New craze to hit Australia: the selfie stick

Alex Kyling and Linda Keizer use a selfie stick at the Opera House. Picture: WOLTER PEETERS
Alex Kyling and Linda Keizer use a selfie stick at the Opera House. Picture: WOLTER PEETERS

Stretching above the scrum at the Sydney Opera House is the "selfie stick" - an extendable pole for taking endless photos of you and you and you. You, too, Niklas Riutta, 21, of Finland, standing with your back to the Harbour Bridge, skin scalding and stick held high.

"When you have your selfie stick in your hand you can get the perfect shot of yourself," he says. "You don't need to ask anyone to take your photo."

There are hundreds of people here taking photographic self-portraits and not talking to each other. Rising over them are long metal poles clamped to smartphones or GoPro cameras, making a mockery of our failure to have arms twice as long as our bodies.

Selfie stick sales have soared across Southeast Asia and are growing in popularity here and in Europe. They're the latest craze in the emerging selfie economy - which has also seen people having plastic surgery or posing with man-eating tigers to look better in their own photos. 

Time magazine recently named the selfie stick, which usually works with a bluetooth remote control, as one of the best inventions of 2014, alongside a high-beta fusion reactor, super smart spacecraft and the hoverboard.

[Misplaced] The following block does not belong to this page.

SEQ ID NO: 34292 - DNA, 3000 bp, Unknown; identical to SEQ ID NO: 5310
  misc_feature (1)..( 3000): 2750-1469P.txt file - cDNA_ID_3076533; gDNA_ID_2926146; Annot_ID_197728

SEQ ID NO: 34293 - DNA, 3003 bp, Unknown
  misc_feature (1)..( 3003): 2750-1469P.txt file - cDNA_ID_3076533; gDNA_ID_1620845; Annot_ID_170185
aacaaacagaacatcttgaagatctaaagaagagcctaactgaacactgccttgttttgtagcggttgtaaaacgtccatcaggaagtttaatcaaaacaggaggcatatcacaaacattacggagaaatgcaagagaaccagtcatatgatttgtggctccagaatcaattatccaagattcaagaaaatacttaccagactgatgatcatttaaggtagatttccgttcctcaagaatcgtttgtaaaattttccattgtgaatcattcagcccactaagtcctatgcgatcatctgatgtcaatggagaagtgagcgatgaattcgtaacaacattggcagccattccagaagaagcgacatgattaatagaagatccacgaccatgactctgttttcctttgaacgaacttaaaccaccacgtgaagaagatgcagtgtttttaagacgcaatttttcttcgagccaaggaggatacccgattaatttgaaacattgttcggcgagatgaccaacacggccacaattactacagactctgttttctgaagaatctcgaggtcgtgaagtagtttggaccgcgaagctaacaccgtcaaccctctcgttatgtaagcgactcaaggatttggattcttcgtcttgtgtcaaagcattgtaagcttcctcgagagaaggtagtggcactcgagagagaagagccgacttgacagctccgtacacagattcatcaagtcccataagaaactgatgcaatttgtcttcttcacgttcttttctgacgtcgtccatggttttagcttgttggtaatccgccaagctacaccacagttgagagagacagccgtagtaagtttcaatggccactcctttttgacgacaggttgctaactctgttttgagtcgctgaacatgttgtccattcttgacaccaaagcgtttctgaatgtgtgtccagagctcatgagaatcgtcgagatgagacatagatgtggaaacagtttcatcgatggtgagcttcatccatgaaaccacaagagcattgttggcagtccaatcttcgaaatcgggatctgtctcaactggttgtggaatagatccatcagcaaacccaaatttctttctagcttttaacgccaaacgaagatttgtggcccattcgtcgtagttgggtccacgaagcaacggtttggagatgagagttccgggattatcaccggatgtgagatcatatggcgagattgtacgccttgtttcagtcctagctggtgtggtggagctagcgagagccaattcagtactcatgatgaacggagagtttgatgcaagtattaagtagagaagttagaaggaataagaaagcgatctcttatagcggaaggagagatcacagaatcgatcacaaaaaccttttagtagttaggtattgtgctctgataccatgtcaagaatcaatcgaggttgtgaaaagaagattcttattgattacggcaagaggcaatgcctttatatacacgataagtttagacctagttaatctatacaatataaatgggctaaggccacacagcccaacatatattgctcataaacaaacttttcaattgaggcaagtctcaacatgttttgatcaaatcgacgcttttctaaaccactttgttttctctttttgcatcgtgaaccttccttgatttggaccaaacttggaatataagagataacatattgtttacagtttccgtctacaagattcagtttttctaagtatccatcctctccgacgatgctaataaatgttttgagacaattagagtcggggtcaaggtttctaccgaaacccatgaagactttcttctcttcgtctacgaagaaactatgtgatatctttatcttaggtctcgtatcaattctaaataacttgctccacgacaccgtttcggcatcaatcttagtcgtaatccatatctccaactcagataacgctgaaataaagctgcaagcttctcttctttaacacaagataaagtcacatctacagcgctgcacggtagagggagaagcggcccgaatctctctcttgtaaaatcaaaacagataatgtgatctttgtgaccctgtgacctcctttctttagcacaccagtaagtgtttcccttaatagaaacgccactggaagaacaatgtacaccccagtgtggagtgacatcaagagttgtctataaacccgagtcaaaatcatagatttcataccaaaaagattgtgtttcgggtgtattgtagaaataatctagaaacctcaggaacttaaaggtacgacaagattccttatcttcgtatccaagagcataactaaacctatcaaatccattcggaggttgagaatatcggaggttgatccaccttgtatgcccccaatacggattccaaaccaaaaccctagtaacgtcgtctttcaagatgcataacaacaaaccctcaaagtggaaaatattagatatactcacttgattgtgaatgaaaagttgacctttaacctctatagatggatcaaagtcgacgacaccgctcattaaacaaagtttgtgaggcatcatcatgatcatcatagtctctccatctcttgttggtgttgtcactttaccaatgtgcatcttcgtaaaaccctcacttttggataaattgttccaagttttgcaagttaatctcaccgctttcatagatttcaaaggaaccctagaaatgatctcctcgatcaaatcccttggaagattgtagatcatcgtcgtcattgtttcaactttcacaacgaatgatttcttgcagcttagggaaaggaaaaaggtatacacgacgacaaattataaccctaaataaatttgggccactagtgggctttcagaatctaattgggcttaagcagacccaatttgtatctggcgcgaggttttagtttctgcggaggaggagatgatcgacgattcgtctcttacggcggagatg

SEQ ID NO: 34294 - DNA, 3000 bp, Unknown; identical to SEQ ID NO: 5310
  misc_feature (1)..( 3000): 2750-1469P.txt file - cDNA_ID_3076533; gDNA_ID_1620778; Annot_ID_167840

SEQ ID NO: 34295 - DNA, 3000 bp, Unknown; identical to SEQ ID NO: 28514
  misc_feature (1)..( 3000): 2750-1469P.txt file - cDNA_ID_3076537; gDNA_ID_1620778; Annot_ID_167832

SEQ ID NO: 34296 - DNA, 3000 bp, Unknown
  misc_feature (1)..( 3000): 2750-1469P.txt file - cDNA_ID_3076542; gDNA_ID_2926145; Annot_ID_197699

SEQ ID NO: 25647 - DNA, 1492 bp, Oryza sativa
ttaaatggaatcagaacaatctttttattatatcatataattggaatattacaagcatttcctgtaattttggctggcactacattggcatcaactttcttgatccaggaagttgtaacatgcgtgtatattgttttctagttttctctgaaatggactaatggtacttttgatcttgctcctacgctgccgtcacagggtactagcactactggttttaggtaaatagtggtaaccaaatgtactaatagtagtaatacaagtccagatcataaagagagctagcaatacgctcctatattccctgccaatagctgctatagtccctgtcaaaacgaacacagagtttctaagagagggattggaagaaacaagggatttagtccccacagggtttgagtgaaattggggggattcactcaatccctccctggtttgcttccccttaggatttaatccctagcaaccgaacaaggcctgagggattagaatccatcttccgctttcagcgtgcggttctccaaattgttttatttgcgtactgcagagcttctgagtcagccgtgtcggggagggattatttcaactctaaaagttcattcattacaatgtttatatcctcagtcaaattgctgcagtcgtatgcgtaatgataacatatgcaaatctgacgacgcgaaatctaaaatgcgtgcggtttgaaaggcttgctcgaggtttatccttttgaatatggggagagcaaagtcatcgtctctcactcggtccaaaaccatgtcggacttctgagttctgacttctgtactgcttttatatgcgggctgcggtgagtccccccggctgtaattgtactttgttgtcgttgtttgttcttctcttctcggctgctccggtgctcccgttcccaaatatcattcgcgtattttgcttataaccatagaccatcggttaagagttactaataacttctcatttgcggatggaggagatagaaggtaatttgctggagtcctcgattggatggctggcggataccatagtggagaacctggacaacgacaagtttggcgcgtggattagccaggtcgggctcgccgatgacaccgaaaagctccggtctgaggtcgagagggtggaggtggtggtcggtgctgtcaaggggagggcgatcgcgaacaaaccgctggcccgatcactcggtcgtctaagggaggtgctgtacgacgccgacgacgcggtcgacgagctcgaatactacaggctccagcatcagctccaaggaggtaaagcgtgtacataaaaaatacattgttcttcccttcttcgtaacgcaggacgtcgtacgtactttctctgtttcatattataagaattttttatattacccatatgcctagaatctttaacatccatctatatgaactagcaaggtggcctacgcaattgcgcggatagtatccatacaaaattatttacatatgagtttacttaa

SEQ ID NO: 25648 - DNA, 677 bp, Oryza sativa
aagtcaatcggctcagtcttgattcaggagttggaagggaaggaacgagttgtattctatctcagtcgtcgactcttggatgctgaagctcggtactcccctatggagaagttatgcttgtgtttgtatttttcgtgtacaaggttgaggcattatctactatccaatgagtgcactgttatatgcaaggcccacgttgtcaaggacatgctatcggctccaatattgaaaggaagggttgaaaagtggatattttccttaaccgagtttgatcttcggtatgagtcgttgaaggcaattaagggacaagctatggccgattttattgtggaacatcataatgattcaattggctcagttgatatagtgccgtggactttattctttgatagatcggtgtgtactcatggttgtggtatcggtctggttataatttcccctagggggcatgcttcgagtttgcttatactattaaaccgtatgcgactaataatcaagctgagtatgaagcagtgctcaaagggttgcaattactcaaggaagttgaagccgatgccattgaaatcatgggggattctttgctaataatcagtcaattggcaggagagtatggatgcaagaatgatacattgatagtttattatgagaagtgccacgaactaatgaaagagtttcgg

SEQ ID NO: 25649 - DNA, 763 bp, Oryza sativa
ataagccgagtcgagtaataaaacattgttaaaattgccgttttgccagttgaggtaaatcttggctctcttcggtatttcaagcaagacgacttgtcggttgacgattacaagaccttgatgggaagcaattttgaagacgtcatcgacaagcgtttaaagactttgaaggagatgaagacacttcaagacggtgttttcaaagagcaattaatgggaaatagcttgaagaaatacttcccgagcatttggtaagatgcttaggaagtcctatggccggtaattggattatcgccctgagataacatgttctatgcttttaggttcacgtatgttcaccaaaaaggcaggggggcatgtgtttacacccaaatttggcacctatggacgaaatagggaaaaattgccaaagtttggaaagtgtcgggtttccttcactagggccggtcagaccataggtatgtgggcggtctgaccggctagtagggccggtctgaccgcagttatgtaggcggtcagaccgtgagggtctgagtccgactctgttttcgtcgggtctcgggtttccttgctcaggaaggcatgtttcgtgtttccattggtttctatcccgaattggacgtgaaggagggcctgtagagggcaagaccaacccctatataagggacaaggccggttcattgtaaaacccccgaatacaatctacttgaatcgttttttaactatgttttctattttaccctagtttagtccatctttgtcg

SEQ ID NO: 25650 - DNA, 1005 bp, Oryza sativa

Holding his selfie stick at arm's length by the Opera House is George Lee, 19, an agricultural engineer from Yorkshire. The appendage makes him "self-sufficient", he says, and not reliant on the kindness or competence of strangers to take his photo. His stick stretches more than a metre, enabling him to photograph himself from anatomically impossible angles. "Your arm is only so long," he says, somewhat disappointed.

He has taken photographs of himself and friend Andy Hickson, 29, standing by the Harbour Bridge, swimming in the sea and riding a stone elephant.

"You are documenting yourself," Hickson says. "You just want to get your head in every place you've went to."

All around them are people snapping selfies in a way that makes it look like someone else has taken their photo, lest anyone think them alone and loney. Many don't smile in selfies, as if disappointed by what they see. 

Here, too, is Audrey Amparo, from the Philippines, who says her selfie stick is useful when travelling in a group. "This way everyone gets in the photo," she says. 

"But sometimes I just want to take a picture of myself, just to see myself happy."